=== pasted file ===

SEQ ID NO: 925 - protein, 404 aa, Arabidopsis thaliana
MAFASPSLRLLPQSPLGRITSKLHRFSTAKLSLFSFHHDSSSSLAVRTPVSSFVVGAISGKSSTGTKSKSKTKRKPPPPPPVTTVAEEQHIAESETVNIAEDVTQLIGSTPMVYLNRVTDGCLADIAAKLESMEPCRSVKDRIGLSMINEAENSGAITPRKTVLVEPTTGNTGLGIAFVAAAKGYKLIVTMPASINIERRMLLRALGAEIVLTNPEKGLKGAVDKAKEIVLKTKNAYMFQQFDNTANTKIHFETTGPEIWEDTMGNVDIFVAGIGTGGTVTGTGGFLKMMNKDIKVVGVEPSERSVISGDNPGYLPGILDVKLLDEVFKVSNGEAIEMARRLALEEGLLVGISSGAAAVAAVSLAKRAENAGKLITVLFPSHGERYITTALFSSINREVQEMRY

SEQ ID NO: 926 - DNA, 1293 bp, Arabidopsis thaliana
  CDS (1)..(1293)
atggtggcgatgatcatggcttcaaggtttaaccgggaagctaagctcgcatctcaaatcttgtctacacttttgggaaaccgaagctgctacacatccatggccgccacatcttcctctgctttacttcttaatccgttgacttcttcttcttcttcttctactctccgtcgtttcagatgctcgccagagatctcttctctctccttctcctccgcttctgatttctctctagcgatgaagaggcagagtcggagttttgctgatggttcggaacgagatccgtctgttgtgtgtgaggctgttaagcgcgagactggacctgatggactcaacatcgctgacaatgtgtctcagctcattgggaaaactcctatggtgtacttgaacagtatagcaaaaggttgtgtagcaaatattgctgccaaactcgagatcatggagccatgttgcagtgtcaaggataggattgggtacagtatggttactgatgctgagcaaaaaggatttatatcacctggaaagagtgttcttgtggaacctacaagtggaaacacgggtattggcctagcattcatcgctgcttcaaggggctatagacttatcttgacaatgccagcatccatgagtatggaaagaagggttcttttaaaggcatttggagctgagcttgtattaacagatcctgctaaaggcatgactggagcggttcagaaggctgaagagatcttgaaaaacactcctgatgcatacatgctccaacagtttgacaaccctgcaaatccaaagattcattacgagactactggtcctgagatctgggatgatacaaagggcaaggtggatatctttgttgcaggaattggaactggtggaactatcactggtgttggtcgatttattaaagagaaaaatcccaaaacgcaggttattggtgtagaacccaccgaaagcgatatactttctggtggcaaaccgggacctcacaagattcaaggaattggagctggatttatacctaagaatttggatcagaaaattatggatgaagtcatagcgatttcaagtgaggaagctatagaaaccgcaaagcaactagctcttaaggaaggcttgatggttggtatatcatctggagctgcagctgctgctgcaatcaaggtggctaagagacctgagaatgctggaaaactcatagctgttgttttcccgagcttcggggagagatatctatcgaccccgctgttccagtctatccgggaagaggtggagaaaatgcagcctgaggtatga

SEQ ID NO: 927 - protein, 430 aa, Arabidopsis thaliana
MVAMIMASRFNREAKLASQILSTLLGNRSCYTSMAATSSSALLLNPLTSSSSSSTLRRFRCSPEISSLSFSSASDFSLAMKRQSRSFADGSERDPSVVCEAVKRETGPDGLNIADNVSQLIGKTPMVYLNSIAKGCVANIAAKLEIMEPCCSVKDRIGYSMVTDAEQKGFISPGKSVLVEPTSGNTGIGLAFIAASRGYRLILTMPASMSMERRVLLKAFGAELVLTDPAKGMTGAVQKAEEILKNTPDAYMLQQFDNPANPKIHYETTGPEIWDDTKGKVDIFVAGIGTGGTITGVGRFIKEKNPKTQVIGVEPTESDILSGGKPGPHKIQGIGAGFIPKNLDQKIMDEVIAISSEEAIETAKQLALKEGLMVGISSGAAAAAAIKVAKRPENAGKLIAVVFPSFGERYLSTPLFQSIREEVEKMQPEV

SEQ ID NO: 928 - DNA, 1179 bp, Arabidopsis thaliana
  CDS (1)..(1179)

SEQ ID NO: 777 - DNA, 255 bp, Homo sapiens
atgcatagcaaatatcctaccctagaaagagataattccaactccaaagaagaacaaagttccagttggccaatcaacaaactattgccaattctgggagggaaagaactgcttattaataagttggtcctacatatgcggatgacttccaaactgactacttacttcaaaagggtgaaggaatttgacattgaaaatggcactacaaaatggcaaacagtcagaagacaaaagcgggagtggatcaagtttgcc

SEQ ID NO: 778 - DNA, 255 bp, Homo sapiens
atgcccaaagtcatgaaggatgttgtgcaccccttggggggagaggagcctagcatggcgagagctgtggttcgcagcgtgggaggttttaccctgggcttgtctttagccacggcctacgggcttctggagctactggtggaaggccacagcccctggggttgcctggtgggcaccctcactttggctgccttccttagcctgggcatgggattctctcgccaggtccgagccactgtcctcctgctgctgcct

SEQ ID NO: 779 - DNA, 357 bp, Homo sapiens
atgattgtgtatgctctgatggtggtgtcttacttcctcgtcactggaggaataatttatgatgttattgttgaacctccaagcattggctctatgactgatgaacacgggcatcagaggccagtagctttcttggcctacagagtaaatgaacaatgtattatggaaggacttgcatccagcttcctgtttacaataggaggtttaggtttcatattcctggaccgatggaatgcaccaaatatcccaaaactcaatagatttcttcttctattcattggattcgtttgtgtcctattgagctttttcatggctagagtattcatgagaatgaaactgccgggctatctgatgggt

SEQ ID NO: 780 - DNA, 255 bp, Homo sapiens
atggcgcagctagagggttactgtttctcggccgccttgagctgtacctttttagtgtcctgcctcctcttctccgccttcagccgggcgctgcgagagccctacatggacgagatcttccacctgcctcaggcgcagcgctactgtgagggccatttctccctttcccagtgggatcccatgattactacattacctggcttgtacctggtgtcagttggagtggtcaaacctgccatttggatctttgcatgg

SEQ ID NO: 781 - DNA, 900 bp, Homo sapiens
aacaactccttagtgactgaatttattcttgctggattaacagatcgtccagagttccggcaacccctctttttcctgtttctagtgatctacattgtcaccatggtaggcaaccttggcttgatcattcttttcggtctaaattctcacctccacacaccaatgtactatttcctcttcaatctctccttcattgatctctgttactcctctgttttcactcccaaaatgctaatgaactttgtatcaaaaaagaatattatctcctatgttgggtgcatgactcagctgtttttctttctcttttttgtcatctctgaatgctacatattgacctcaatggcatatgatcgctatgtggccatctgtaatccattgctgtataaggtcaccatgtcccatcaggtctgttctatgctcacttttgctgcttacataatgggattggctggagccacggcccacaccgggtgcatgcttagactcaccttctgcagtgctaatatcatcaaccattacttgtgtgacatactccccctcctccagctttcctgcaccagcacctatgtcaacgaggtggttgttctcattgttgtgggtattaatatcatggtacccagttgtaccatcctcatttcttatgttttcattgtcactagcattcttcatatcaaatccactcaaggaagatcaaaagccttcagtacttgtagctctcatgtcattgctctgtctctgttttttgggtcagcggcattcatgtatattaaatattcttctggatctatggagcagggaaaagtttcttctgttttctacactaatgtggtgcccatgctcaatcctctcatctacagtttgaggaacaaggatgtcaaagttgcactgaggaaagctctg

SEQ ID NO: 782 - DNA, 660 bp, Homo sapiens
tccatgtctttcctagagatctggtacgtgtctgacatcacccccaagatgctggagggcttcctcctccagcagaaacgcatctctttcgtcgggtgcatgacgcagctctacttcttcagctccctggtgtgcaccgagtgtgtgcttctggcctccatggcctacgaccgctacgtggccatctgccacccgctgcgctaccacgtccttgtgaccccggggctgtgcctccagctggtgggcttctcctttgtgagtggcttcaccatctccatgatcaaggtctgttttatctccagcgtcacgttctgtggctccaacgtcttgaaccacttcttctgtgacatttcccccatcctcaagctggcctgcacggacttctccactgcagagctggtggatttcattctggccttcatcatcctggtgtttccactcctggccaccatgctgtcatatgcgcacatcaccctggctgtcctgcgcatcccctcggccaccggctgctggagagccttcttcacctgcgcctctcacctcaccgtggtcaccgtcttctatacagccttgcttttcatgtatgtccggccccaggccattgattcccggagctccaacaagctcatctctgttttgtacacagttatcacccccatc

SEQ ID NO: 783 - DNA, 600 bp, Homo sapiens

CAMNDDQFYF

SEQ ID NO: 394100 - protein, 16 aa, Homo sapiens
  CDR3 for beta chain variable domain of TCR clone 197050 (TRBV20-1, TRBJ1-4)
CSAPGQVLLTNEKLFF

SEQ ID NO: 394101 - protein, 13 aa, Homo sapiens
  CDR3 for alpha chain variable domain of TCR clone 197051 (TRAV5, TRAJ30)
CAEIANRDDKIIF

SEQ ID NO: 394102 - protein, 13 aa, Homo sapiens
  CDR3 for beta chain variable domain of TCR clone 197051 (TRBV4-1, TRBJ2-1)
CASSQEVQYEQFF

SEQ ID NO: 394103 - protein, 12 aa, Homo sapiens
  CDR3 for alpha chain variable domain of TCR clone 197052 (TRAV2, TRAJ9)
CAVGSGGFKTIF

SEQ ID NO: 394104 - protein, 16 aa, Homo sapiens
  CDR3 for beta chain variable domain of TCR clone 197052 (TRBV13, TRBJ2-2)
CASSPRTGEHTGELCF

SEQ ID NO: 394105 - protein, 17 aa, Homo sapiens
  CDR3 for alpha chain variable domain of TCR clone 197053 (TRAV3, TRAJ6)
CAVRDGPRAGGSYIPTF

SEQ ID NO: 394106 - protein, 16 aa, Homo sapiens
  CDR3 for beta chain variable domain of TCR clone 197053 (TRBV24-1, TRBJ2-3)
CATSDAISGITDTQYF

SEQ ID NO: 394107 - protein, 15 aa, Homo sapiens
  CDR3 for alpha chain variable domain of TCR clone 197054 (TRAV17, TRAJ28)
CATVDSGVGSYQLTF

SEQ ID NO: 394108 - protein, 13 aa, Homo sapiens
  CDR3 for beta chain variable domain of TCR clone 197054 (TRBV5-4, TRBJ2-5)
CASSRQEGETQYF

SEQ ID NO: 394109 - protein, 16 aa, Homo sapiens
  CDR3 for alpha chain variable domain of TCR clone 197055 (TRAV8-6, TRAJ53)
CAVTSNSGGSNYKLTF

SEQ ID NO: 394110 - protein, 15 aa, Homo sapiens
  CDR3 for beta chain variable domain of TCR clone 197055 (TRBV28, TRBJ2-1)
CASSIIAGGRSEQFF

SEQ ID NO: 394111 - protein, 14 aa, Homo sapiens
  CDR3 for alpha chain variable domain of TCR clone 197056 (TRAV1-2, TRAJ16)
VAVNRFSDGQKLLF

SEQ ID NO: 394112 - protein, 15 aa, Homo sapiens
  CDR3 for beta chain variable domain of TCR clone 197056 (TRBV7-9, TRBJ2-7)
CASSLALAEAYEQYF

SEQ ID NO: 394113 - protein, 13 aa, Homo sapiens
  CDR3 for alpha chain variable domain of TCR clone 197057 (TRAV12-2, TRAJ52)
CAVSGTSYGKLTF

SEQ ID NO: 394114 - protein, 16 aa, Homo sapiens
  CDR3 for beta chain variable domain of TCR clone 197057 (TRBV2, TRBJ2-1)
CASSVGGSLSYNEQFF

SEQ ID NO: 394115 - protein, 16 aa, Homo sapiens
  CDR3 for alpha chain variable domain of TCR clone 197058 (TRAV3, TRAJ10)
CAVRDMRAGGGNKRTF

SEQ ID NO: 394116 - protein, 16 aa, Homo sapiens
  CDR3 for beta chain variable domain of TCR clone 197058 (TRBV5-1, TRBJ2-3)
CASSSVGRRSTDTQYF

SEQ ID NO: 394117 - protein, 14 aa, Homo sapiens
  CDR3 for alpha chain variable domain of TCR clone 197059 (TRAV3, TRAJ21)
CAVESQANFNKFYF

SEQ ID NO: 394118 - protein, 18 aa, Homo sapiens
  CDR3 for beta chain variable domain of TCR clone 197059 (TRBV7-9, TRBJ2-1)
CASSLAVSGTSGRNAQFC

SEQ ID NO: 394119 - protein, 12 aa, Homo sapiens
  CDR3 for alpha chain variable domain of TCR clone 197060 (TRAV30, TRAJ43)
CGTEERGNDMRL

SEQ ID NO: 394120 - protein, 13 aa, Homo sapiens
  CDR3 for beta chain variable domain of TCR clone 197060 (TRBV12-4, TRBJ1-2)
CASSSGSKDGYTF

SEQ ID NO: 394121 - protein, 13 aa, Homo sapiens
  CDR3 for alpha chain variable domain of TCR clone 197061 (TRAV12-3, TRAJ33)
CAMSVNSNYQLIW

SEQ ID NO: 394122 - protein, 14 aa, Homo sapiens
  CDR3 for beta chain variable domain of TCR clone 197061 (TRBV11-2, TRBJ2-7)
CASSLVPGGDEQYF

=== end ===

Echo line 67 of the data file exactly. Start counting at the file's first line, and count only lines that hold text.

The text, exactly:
  CDR3 for beta chain variable domain of TCR clone 197057 (TRBV2, TRBJ2-1)